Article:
For immediate release: July 15, 2010
Dallas Fed: Economic Headwinds Abating; Downside Risks Remain
DALLAS—Since the second half of 2009, four major economic headwinds have been abating, setting the stage for economic recovery, according to the latest issue of the Federal Reserve Bank of Dallas’ Economic Letter.
In “Recovering from the Housing and Financial Crisis,” vice president and senior policy advisor John V. Duca and research assistant David Luttrell say four major recessionary impulses resulted from the recent financial crisis: home construction plunged, wealth fell, credit standards tightened and financial markets seized up.
By mid-2009, home construction had bottomed out, wealth had partially recovered and financial markets functioned better, the authors state. By late 2009, lenders stopped tightening credit standards on non-real-estate loans.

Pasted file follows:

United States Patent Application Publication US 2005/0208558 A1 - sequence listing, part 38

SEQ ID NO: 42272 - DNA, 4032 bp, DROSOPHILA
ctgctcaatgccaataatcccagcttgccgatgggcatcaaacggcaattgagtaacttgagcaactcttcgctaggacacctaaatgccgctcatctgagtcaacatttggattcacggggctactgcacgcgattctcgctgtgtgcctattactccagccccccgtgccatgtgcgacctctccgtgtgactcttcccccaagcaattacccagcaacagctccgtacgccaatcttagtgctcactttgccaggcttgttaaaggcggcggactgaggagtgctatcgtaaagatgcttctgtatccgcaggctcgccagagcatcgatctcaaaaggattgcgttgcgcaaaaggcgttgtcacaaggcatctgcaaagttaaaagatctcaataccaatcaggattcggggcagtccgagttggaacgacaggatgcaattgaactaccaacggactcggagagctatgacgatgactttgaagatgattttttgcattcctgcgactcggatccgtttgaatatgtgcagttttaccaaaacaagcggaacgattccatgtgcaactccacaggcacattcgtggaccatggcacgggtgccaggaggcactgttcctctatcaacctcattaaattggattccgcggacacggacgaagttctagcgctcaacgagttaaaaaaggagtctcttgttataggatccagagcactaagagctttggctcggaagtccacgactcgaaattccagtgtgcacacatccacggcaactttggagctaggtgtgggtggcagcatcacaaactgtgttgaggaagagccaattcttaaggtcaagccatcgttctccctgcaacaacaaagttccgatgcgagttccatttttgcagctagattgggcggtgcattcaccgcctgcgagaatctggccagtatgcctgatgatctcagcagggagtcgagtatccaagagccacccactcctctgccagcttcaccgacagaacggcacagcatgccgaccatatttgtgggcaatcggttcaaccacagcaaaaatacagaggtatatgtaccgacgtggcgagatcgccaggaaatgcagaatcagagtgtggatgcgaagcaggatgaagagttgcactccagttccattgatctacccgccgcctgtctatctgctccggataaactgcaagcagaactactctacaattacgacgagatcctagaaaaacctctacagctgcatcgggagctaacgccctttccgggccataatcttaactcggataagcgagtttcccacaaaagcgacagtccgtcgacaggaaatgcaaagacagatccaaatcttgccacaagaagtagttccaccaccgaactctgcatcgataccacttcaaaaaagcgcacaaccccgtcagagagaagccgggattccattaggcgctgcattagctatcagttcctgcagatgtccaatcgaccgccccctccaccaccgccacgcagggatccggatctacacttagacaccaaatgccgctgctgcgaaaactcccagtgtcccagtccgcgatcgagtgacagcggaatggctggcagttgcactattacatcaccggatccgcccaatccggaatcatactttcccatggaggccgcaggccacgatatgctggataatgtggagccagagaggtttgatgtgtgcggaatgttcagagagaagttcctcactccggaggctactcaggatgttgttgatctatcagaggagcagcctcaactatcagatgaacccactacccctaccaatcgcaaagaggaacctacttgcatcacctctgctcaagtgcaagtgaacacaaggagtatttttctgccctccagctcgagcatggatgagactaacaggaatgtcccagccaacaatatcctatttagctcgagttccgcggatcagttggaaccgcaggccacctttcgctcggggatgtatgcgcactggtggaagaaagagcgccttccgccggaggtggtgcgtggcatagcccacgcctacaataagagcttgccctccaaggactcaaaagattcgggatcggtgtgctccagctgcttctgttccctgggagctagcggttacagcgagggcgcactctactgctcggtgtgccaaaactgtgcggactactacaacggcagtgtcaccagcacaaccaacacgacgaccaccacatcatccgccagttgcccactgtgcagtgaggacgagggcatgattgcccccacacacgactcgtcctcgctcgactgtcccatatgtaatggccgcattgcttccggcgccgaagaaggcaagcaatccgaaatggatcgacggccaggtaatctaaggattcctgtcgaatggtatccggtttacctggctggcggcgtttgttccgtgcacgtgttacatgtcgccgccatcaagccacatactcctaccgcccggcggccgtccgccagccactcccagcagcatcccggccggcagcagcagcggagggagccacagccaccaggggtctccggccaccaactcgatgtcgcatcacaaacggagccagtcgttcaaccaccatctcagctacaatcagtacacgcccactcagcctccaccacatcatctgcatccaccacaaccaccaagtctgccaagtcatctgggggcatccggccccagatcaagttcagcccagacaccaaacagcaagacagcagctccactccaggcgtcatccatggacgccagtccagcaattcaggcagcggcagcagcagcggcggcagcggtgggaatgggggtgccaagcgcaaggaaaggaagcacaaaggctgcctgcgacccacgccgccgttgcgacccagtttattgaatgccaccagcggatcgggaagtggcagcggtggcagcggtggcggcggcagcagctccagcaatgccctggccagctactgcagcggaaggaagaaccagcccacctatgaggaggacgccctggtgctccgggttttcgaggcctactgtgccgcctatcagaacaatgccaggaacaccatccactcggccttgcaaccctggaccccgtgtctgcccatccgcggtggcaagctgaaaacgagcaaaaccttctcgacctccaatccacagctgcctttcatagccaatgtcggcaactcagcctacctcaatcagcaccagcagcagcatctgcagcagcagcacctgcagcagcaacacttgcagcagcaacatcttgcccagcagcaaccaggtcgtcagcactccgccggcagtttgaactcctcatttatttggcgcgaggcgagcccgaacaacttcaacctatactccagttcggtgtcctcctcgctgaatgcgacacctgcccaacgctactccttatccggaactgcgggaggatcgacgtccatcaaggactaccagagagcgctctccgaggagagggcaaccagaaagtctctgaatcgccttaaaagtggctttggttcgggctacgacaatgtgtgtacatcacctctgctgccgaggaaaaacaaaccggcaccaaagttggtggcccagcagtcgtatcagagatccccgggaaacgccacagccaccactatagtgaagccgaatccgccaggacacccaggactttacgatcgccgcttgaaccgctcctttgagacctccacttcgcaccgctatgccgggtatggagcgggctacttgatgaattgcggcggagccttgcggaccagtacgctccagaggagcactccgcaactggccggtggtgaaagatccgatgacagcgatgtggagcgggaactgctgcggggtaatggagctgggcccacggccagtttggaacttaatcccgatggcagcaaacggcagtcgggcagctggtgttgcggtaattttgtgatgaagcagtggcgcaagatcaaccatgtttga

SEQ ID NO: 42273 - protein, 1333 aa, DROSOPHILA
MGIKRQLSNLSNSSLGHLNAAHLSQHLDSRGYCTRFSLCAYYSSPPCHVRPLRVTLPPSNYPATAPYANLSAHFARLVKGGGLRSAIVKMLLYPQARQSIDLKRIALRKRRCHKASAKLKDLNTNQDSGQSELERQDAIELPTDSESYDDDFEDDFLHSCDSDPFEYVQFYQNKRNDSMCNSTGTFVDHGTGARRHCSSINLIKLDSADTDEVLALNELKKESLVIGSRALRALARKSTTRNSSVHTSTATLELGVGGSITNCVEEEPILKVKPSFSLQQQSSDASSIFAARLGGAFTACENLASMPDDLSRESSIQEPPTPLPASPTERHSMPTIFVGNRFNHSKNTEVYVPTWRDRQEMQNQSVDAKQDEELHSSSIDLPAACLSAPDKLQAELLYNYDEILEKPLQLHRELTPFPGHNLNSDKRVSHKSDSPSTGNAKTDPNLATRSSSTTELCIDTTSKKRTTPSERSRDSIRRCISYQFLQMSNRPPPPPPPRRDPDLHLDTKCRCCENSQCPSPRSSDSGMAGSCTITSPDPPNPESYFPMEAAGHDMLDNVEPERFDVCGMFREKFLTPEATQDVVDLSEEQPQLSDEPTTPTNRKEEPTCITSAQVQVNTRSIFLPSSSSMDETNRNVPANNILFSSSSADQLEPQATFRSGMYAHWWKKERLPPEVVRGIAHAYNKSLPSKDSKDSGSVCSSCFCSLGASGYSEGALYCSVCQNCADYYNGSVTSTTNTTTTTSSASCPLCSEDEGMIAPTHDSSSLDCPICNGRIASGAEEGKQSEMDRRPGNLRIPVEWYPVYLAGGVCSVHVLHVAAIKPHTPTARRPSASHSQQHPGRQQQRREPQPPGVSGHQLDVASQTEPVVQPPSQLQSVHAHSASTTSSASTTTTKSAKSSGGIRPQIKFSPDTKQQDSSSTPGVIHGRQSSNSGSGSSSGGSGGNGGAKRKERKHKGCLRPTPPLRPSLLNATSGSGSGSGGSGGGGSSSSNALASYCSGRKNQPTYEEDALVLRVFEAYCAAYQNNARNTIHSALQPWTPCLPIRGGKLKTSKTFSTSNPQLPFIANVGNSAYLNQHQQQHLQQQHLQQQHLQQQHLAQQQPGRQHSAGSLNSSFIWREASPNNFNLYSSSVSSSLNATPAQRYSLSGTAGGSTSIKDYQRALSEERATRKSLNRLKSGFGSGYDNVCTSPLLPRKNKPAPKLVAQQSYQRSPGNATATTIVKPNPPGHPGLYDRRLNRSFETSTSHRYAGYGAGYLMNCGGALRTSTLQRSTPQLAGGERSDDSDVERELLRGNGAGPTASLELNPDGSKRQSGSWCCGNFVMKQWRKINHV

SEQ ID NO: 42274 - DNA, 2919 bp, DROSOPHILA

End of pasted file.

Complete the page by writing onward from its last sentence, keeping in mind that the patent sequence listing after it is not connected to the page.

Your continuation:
Though GDP growth resumed in third quarter 2009, the U.S. economy still faces downside risks, Duca and Luttrell say:
- Further losses on residential and commercial mortgages may delay a return of credit standards to normal.
- Large budget deficits may force state and local governments to cut spending.
- Foreign governments’ austerity measures will temper worldwide economic growth.
- Firms’ reluctance to hire may delay return to full employment.
“These uncertainties appear more likely to slow the pace of—rather than end—the economic recovery given how the four major headwinds from the recent crisis have been abating,” the authors write.
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